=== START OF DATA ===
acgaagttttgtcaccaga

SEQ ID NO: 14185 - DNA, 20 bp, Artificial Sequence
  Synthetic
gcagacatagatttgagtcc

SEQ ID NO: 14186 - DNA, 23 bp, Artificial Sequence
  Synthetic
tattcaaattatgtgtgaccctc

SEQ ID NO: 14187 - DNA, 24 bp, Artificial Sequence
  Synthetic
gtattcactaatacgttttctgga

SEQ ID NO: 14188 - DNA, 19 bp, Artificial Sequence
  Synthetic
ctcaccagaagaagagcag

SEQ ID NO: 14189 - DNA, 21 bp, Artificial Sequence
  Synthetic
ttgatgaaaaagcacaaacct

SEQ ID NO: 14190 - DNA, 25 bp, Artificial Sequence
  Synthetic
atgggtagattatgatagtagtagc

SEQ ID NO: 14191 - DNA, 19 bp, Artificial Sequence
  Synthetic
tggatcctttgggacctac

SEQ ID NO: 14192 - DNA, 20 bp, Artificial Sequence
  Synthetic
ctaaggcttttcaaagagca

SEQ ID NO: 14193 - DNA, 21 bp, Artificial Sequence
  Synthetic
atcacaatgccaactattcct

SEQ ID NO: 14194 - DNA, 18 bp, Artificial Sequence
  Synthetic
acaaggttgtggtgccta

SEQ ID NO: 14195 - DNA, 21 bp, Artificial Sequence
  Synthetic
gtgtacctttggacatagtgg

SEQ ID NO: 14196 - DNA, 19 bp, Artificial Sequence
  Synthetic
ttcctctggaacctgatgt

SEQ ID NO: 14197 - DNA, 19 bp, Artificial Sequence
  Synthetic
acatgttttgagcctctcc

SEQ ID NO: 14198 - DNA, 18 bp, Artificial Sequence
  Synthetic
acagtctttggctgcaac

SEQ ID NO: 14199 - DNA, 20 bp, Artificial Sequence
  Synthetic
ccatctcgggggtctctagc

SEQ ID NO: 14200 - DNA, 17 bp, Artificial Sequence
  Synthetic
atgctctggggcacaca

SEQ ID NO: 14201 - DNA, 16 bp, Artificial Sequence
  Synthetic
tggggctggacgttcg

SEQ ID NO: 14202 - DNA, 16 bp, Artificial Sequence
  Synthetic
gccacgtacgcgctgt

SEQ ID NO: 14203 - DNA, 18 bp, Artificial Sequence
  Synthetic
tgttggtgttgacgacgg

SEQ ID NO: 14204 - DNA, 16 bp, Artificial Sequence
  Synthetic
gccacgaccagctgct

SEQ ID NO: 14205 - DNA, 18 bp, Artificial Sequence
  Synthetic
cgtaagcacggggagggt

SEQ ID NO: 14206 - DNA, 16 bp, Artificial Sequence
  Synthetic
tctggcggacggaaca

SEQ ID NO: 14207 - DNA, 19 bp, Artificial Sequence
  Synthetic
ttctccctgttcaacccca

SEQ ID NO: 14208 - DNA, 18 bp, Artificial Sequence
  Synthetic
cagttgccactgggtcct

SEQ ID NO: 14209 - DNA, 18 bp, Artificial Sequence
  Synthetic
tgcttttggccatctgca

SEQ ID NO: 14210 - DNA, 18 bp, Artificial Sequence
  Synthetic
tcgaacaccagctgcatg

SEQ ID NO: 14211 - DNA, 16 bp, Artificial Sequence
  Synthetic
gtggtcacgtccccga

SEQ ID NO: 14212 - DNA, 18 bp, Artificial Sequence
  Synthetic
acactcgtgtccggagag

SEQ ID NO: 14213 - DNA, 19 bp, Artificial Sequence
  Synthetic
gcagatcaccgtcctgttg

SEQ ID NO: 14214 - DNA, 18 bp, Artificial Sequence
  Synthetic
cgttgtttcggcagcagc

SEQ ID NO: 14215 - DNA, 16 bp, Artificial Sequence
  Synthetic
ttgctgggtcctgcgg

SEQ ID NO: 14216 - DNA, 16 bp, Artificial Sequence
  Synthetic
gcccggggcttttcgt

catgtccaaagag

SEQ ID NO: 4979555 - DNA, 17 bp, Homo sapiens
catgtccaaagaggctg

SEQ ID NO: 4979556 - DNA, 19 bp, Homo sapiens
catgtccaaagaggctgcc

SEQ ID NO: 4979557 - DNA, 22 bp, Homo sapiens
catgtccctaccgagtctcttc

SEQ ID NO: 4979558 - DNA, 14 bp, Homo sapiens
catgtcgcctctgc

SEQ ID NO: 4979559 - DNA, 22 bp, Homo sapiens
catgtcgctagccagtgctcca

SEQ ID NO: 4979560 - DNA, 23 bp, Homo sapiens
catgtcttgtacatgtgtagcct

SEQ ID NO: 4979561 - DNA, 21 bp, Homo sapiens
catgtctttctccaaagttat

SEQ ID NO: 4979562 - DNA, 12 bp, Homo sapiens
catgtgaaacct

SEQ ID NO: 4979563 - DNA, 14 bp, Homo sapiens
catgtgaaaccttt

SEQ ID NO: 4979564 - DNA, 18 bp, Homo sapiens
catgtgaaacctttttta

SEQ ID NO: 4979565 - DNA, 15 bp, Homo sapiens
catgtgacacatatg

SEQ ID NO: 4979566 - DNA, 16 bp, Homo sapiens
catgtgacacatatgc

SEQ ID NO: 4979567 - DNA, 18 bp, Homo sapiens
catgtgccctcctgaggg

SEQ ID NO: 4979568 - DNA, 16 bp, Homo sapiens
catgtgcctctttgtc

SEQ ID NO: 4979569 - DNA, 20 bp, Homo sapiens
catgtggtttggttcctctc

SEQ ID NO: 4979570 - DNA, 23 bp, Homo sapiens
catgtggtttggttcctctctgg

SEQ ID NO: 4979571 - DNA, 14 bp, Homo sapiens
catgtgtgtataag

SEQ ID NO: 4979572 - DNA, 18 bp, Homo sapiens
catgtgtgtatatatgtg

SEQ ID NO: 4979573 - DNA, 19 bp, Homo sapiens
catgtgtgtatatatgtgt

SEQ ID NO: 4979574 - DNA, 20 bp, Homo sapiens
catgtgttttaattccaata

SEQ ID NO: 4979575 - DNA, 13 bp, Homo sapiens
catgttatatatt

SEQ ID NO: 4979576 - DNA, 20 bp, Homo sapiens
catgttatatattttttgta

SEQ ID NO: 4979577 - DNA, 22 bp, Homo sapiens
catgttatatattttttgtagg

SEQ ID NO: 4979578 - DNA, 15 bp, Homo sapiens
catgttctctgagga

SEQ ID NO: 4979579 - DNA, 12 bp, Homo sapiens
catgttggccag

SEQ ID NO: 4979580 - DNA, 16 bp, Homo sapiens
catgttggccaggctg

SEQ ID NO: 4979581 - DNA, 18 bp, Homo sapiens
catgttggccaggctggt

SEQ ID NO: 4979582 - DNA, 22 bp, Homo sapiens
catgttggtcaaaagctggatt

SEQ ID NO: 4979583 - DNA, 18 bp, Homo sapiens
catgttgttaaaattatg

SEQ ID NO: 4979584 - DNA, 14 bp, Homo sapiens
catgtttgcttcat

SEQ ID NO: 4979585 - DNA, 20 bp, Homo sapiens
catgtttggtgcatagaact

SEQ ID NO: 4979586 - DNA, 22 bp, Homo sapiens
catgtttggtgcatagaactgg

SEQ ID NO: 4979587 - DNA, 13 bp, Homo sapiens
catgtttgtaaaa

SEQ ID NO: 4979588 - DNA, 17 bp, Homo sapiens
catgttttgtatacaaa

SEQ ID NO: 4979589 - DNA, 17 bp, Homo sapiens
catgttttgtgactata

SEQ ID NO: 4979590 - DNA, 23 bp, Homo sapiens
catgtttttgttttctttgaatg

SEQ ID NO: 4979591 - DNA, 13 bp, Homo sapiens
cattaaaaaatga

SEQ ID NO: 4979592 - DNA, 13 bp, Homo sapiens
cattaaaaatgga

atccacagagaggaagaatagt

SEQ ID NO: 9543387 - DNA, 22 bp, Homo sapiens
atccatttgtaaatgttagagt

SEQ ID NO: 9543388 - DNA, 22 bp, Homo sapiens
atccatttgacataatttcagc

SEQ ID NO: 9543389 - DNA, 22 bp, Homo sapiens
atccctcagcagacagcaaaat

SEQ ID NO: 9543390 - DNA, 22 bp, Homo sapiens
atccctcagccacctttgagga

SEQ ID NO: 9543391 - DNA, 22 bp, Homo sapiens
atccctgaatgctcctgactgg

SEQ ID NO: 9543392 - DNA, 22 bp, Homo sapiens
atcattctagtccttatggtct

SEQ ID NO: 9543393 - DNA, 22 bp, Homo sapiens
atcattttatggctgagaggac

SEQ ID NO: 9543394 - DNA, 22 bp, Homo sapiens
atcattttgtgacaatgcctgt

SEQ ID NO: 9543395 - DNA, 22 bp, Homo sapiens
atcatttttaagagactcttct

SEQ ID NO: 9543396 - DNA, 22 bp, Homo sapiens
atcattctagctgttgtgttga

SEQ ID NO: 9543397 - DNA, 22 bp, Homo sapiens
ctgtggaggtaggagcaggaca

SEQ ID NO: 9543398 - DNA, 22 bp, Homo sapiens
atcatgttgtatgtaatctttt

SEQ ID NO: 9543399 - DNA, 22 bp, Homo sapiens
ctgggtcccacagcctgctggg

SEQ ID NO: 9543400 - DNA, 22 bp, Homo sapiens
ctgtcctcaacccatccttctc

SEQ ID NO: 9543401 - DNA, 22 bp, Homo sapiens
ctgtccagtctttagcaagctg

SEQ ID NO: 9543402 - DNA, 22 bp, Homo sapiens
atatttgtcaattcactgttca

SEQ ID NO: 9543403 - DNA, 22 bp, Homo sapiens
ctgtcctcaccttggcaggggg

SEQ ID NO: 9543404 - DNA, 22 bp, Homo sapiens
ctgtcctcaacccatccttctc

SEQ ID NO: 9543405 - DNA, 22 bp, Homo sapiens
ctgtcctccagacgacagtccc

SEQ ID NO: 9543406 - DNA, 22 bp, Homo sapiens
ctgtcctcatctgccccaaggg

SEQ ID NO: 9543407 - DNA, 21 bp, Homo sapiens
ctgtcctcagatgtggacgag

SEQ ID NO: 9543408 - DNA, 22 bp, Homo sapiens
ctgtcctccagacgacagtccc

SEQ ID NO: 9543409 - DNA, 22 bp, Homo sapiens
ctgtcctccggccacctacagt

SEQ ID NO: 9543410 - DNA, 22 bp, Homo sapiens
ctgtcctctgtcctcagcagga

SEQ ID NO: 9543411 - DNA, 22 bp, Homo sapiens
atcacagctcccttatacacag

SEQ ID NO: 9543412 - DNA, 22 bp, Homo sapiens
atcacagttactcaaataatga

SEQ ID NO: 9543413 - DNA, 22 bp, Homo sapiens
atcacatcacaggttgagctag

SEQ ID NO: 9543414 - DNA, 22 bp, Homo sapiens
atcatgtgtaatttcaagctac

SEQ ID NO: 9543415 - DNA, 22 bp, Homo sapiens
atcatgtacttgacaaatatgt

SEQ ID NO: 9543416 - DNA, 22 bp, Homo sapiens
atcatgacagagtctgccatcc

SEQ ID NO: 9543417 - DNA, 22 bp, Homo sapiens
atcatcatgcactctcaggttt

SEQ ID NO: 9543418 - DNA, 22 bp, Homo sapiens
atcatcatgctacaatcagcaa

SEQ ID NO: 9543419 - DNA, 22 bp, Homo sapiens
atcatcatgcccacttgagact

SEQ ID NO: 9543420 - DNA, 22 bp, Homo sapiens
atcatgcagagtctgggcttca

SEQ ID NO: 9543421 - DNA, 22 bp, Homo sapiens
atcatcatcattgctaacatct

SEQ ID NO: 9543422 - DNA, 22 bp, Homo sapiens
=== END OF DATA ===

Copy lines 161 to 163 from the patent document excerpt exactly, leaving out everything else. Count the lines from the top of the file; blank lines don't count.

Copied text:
SEQ ID NO: 4979586 - DNA, 22 bp, Homo sapiens
catgtttggtgcatagaactgg

SEQ ID NO: 4979587 - DNA, 13 bp, Homo sapiens